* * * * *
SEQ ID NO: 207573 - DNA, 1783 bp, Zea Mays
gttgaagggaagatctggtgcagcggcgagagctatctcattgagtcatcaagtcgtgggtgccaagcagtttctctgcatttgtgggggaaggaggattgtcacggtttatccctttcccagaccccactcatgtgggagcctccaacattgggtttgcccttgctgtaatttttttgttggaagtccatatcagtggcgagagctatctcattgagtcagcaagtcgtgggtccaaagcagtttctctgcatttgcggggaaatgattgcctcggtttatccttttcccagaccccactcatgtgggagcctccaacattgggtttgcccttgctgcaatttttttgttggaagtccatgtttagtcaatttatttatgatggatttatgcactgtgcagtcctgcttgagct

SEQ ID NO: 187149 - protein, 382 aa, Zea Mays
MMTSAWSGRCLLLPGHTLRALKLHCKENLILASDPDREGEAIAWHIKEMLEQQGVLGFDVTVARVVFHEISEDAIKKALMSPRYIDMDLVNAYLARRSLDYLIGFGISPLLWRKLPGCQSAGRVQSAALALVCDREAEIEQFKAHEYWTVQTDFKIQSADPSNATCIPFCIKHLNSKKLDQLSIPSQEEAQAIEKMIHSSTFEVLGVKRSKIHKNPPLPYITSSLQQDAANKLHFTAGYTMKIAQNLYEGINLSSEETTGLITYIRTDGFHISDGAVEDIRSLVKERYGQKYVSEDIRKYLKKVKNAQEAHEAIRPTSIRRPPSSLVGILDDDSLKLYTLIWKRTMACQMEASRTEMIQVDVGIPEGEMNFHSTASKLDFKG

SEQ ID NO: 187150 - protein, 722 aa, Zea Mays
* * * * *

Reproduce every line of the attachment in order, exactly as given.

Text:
SEQ ID NO: 207573 - DNA, 1783 bp, Zea Mays
gttgaagggaagatctggtgcagcggcgagagctatctcattgagtcatcaagtcgtgggtgccaagcagtttctctgcatttgtgggggaaggaggattgtcacggtttatccctttcccagaccccactcatgtgggagcctccaacattgggtttgcccttgctgtaatttttttgttggaagtccatatcagtggcgagagctatctcattgagtcagcaagtcgtgggtccaaagcagtttctctgcatttgcggggaaatgattgcctcggtttatccttttcccagaccccactcatgtgggagcctccaacattgggtttgcccttgctgcaatttttttgttggaagtccatgtttagtcaatttatttatgatggatttatgcactgtgcagtcctgcttgagct

SEQ ID NO: 187149 - protein, 382 aa, Zea Mays
MMTSAWSGRCLLLPGHTLRALKLHCKENLILASDPDREGEAIAWHIKEMLEQQGVLGFDVTVARVVFHEISEDAIKKALMSPRYIDMDLVNAYLARRSLDYLIGFGISPLLWRKLPGCQSAGRVQSAALALVCDREAEIEQFKAHEYWTVQTDFKIQSADPSNATCIPFCIKHLNSKKLDQLSIPSQEEAQAIEKMIHSSTFEVLGVKRSKIHKNPPLPYITSSLQQDAANKLHFTAGYTMKIAQNLYEGINLSSEETTGLITYIRTDGFHISDGAVEDIRSLVKERYGQKYVSEDIRKYLKKVKNAQEAHEAIRPTSIRRPPSSLVGILDDDSLKLYTLIWKRTMACQMEASRTEMIQVDVGIPEGEMNFHSTASKLDFKG

SEQ ID NO: 187150 - protein, 722 aa, Zea Mays